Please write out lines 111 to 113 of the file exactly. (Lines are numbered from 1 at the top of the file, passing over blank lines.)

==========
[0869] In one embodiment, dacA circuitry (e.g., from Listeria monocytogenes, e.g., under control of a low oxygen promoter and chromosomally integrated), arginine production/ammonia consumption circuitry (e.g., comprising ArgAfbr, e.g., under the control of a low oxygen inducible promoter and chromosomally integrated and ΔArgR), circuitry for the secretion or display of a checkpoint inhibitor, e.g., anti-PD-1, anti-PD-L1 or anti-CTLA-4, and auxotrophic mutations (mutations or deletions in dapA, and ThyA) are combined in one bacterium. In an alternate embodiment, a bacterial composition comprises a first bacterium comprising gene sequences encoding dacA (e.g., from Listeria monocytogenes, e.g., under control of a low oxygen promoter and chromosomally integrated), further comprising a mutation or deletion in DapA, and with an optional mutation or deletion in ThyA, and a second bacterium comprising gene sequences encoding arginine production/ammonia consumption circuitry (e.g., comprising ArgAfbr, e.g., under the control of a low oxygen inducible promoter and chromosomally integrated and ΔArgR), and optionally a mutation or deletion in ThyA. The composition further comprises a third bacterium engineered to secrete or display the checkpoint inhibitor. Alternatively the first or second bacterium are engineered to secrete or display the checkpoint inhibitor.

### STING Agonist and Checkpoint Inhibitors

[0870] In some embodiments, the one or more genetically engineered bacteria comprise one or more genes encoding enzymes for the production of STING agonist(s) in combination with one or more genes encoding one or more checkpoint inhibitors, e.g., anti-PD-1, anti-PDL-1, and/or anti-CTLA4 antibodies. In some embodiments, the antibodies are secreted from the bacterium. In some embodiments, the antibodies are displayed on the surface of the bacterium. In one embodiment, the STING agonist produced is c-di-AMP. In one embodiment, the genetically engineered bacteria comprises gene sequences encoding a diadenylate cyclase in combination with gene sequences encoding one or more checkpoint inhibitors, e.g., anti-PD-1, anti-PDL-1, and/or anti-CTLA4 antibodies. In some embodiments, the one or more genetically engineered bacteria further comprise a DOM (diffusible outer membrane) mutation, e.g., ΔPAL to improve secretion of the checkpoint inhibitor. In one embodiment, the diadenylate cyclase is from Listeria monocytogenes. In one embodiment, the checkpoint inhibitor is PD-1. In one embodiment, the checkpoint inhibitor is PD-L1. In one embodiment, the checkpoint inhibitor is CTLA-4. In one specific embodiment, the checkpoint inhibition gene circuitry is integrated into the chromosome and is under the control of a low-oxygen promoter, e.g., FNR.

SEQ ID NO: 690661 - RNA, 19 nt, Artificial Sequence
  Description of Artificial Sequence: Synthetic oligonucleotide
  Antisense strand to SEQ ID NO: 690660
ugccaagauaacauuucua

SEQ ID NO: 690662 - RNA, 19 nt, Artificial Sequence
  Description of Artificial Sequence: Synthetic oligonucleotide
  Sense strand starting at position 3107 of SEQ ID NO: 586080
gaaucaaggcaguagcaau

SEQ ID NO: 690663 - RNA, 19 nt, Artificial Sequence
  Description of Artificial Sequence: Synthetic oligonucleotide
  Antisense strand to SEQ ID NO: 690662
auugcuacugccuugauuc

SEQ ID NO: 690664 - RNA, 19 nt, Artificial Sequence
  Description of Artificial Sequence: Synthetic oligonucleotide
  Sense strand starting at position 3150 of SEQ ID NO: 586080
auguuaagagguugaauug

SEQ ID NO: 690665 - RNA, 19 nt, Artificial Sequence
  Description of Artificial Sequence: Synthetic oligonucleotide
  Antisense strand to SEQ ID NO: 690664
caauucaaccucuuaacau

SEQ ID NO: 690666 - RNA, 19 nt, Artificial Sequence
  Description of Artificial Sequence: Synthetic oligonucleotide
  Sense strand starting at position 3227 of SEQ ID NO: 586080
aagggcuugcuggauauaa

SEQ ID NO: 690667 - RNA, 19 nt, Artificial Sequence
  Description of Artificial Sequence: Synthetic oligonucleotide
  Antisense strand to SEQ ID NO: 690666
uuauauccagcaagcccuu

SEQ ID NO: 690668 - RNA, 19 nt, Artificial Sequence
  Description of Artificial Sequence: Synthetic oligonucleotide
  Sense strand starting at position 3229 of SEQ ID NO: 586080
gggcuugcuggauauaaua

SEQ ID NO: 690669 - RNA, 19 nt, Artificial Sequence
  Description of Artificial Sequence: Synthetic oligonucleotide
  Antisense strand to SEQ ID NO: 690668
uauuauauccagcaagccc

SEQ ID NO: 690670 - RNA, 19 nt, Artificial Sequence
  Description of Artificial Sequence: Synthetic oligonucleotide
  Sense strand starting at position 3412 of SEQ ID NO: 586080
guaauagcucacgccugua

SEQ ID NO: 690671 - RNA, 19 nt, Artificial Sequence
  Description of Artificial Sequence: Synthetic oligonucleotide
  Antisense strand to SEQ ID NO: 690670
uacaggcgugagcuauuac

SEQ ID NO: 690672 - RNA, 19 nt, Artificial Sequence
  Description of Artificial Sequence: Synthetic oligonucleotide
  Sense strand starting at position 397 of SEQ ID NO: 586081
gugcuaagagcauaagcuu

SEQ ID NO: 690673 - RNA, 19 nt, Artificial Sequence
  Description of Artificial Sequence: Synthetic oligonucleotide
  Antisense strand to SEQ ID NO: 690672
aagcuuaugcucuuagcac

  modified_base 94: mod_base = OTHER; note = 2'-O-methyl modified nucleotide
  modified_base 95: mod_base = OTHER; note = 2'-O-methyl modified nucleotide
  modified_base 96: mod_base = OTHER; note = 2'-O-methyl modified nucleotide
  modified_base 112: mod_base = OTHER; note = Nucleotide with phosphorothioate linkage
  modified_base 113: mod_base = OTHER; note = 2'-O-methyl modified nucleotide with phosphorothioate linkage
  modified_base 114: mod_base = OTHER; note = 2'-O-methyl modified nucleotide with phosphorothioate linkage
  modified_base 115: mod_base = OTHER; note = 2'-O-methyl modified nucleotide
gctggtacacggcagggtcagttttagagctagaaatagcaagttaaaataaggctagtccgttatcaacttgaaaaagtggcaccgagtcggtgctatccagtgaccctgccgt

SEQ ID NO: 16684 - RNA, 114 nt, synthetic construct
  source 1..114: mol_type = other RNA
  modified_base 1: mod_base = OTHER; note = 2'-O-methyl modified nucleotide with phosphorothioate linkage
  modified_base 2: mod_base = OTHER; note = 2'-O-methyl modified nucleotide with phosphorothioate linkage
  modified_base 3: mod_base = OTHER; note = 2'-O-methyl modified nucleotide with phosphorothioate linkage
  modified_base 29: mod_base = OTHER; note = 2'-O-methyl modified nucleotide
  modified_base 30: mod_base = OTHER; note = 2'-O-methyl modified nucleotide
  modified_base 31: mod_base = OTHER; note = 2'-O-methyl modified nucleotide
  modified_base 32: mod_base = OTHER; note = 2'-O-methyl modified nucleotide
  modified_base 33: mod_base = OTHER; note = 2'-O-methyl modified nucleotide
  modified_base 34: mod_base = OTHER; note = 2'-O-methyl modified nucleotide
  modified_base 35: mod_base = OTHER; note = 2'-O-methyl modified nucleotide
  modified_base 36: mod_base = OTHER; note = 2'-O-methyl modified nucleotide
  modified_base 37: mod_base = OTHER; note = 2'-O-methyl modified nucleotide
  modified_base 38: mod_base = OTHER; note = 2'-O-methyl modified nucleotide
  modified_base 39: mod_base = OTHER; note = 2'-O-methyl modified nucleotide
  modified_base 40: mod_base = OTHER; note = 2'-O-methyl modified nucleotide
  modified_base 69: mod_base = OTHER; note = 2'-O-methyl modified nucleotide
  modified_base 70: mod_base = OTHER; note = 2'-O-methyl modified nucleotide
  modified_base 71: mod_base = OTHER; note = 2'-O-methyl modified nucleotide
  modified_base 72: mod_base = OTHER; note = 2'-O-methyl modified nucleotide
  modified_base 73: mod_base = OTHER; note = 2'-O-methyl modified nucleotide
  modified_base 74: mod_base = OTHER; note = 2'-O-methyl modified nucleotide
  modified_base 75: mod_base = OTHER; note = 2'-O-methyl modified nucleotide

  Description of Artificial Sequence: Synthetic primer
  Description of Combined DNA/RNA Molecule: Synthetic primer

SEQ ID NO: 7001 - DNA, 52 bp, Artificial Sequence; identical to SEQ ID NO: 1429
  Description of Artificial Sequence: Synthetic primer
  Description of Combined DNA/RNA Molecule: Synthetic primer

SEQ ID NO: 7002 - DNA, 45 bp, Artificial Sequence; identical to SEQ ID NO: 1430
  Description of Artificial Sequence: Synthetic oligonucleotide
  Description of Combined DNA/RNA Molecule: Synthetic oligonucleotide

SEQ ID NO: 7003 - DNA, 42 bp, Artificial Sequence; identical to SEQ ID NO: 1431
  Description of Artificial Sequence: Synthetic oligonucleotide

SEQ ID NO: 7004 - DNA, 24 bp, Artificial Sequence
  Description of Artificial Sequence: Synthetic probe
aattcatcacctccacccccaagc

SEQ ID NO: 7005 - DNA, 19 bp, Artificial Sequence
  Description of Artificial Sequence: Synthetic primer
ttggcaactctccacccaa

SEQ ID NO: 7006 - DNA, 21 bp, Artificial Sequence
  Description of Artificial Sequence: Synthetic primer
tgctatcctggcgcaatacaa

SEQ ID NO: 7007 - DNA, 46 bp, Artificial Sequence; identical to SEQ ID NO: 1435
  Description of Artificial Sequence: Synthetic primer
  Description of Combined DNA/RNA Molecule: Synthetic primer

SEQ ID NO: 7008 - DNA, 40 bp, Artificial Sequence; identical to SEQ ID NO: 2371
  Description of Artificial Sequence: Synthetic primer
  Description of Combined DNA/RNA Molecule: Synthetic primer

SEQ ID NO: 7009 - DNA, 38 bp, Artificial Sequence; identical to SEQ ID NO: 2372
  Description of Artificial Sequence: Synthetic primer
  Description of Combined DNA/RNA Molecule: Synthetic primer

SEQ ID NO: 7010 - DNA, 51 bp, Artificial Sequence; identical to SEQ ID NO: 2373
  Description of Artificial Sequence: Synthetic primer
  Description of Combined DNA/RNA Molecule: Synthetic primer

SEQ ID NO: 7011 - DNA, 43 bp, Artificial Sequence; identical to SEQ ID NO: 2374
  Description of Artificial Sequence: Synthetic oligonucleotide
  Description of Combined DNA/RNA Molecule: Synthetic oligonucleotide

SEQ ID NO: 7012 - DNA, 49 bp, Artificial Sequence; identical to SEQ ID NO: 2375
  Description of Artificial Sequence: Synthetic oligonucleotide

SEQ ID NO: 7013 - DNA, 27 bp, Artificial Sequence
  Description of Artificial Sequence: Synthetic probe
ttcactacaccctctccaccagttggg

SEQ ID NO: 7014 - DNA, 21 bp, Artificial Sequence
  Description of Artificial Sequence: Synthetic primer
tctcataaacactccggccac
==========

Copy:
  Description of Artificial Sequence: Synthetic primer
  Description of Combined DNA/RNA Molecule: Synthetic primer

SEQ ID NO: 7009 - DNA, 38 bp, Artificial Sequence; identical to SEQ ID NO: 2372